For the first time in its history, easyJet lost money over the past year.

Pandemics and travel do not sit well together. Especially for airlines, which were grounded for months. EasyJet, founded in 1995 by the father of Monegasque resident Sir Stelios Haji-Ioannou, was not spared. The pandemic, Brexit and internal disagreements at easyJet are all turbulence that are leading the Haji-Ioannou family to gradually withdraw from the company. Whilst in 2019 the family owned 33.7% of easyJet, by the end of September 2021 they will own only 15%.

Supply has fallen

In terms of passenger numbers, easyJet is the second largest low-cost airline, behind Ryanair. During the summer, easyJet only offered 57% of its pre-crisis offer. The competition is fierce. Ryanair reached 75% of its offer in August, and other players are gaining in strength: WizzAir (with 85% of its offer during the summer) and Blue Air, which has just acquired the Nice – London route.

Moreover, this is the first time since its inception that the company has lost money – namely €1 billion in its 2019-2020 financial year. For comparison, the company achieved €7,400 million in turnover and €400 million in net profit in the previous financial year.

As a result, 4,500 employees were made redundant and its stock market value dropped by half compared to the beginning of the pandemic.

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Attempted buyout

The amount of aid for the post-Covid recovery is also a problem. Whilst Air France-KLM received 10 billion euros from France and the Netherlands, easyJet received 600 million euros from the UK.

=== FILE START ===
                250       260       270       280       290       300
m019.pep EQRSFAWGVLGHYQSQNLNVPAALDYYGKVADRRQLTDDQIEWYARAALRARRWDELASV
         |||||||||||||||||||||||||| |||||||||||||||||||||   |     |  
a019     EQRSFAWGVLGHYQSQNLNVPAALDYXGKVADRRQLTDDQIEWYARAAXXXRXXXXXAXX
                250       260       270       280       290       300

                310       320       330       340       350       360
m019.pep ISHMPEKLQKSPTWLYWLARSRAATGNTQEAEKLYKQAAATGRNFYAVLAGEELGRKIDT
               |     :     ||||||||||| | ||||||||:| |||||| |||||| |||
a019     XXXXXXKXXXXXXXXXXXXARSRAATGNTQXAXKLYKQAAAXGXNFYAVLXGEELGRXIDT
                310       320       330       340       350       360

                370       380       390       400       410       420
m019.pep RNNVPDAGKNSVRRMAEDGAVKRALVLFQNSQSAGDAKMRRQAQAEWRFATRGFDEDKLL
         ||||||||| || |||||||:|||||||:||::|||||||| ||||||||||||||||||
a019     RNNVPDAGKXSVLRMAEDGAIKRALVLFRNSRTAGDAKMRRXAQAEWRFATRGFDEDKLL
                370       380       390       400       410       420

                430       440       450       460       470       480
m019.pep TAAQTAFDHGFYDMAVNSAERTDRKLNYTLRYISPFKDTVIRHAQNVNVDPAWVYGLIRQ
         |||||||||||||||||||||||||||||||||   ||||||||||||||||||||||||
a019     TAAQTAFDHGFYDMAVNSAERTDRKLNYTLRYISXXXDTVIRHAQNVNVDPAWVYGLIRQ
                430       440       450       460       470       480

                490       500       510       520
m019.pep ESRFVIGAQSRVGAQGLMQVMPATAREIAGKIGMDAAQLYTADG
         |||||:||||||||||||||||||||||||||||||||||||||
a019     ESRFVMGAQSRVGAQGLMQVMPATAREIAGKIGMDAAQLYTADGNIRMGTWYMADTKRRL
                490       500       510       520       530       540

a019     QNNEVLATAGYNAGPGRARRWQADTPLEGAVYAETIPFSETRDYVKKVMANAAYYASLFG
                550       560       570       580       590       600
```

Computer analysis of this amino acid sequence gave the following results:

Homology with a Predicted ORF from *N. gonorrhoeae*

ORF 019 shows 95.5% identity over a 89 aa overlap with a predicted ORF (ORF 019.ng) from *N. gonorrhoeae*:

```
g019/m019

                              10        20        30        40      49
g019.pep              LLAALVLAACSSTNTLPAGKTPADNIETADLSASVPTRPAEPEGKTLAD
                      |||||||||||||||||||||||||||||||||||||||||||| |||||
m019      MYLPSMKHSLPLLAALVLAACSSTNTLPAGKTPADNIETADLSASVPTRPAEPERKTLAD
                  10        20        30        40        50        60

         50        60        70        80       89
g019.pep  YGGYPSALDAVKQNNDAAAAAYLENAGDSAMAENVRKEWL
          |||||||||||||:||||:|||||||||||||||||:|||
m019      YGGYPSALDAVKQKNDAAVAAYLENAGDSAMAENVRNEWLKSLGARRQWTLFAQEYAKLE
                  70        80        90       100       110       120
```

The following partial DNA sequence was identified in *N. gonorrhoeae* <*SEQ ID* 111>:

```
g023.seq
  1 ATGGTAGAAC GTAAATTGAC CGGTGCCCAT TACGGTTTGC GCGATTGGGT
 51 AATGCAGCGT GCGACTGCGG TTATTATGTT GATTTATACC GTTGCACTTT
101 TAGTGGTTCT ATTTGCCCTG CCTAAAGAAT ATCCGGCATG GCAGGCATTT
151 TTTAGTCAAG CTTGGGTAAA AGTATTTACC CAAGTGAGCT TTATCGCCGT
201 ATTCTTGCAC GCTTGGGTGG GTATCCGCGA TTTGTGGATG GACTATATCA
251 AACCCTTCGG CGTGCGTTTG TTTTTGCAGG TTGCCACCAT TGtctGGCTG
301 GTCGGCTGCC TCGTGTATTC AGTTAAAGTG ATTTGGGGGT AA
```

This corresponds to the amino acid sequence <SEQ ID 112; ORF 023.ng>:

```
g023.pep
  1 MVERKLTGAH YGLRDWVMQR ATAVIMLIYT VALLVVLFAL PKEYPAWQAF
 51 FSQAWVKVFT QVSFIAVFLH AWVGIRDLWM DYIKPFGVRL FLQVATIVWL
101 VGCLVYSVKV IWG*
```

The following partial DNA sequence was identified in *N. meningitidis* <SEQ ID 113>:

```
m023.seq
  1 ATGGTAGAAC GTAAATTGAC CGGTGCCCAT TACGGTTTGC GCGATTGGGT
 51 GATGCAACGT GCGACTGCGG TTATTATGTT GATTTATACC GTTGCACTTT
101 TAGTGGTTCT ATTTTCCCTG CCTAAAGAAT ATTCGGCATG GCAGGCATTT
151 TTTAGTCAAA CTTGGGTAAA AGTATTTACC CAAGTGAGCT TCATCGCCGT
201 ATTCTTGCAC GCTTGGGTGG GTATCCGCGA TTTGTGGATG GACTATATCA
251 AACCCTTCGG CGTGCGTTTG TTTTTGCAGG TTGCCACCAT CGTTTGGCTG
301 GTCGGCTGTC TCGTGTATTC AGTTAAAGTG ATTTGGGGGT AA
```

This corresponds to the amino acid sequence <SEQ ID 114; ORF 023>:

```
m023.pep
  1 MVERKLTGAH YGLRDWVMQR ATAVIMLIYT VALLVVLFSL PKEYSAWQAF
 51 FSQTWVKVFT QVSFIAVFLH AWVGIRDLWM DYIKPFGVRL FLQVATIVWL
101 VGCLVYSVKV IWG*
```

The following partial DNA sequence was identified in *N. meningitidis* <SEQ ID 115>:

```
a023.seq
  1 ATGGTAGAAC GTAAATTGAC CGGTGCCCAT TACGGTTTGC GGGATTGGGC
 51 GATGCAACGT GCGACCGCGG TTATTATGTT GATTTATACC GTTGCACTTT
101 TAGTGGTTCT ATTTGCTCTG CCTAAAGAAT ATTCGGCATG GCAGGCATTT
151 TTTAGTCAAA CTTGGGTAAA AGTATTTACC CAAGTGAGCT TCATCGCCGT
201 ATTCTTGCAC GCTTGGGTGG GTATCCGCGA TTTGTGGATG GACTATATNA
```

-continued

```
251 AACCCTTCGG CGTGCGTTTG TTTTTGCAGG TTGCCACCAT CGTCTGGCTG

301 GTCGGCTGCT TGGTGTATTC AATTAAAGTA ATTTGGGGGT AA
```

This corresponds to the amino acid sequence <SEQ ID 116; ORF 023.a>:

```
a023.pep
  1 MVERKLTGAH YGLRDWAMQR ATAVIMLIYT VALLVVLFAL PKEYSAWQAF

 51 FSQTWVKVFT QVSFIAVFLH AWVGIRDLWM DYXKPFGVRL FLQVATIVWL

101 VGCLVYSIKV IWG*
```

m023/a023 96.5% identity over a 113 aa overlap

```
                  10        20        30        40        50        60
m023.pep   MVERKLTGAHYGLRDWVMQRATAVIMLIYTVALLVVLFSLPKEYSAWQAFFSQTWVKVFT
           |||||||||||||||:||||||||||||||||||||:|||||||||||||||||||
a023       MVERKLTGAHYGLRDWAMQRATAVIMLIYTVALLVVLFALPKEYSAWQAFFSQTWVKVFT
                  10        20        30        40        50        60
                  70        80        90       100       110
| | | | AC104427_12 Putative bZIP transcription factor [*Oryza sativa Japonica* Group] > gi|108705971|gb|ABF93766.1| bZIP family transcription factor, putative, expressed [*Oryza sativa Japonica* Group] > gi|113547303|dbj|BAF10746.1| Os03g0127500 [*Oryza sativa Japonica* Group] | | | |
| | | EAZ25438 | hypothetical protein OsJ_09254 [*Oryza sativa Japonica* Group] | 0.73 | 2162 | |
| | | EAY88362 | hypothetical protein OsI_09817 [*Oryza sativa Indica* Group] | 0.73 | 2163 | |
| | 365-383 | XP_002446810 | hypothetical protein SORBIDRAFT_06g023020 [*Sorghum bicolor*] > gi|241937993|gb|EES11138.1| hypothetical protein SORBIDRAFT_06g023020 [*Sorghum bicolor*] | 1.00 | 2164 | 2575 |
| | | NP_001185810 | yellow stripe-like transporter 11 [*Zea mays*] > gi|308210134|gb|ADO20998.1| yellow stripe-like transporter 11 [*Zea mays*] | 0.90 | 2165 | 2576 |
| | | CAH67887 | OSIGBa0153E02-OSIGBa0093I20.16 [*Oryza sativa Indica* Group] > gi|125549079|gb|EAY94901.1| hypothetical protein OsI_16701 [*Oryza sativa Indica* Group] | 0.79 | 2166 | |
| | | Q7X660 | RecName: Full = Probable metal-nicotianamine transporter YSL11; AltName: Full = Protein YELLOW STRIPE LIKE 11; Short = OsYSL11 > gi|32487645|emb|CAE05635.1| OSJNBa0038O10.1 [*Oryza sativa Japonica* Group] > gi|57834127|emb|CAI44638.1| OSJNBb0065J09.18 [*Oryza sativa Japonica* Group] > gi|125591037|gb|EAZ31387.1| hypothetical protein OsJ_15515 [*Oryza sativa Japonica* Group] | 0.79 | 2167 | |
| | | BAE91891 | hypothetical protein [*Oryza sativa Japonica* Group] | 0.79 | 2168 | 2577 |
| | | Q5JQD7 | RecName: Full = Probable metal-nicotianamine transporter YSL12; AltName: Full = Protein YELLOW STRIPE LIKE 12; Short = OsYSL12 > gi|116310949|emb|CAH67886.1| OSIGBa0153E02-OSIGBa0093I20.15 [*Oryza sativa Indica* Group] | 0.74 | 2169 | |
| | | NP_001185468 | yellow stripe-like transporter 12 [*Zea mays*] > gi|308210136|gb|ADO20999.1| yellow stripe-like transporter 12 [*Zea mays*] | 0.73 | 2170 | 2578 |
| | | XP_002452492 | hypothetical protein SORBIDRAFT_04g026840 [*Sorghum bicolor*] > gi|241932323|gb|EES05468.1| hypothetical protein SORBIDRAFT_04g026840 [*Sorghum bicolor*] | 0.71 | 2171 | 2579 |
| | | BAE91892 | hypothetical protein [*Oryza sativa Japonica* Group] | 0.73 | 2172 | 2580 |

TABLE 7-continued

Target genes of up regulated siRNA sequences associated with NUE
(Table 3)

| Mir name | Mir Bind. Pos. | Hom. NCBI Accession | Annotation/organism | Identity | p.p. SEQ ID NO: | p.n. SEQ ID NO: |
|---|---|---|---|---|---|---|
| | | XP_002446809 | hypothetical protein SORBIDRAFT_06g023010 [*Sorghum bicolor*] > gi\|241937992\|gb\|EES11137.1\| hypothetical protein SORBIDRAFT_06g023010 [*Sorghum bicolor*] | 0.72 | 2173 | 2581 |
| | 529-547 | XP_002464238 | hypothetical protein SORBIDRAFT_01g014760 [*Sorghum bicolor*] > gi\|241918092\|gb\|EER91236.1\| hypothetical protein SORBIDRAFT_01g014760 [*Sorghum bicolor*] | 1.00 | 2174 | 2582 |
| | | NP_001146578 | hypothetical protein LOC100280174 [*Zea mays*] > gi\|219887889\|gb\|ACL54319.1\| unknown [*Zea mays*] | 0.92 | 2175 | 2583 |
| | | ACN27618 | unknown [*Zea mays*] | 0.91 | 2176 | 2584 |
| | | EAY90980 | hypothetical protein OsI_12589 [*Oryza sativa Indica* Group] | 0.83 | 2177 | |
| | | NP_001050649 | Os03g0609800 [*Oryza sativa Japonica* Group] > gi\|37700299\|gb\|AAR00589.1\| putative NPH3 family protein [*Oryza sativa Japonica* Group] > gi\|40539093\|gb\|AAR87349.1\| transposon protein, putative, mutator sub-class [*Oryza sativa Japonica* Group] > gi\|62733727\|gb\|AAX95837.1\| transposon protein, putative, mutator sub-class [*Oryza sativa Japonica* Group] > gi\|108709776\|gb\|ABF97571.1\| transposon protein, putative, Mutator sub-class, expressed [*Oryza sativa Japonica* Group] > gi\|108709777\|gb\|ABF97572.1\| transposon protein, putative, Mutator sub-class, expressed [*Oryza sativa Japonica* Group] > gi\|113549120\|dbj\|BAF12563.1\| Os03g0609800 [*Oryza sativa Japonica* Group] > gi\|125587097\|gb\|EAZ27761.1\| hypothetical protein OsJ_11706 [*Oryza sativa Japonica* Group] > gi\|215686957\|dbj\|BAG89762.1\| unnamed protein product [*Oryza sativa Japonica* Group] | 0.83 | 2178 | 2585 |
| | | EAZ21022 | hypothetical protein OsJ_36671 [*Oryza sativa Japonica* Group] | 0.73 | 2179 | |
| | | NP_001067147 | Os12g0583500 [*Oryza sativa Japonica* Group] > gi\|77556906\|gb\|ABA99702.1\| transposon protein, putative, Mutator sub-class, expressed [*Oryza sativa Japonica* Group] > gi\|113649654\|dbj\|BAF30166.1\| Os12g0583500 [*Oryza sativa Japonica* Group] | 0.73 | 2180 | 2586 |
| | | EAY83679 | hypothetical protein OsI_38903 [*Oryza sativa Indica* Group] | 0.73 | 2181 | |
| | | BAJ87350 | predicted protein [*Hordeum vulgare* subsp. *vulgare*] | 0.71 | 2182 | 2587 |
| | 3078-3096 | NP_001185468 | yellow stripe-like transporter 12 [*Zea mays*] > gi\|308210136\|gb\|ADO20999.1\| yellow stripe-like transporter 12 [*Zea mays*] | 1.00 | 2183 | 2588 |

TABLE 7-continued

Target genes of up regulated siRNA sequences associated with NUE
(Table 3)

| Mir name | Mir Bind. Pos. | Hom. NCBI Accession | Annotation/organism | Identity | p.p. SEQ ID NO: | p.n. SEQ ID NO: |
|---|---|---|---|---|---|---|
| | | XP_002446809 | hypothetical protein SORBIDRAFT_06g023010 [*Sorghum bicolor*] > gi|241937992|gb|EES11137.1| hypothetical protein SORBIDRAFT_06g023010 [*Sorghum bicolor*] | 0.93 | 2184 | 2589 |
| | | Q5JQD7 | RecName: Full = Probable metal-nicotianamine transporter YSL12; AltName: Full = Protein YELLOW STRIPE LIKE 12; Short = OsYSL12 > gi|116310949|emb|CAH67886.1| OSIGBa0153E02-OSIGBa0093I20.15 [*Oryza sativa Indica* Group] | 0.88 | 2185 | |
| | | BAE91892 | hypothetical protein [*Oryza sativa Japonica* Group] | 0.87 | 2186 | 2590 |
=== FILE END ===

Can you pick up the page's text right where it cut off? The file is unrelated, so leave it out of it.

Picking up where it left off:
The president of easyJet, Johan Lundgren, declared in an interview with the JDD: “When we see the amounts of aid granted to some, there are concerns of a distortion of competition. This is not fair and we will not accept it. We are against state aid that distorts competition.”

In a disadvantaged position, easyJet’s direct competitor, Wizz Air, took up the matter and made a takeover bid. A proposal that was rejected. But where will the money come from to get the ship back on course?

Fundraising from shareholders

EasyJet is counting on its existing shareholders to increase its capital by 1.4 billion. To encourage them to do so, the purchase price of a new share has been set at 48% below its usual price.

These funds are to be used to develop their strategy for the post-Covid economic recovery. The aim is to acquire slots for take-off times at Europe’s major airports, something that the large airlines are already doing. Like Air France-KLM, which, however, has an advance ticket.

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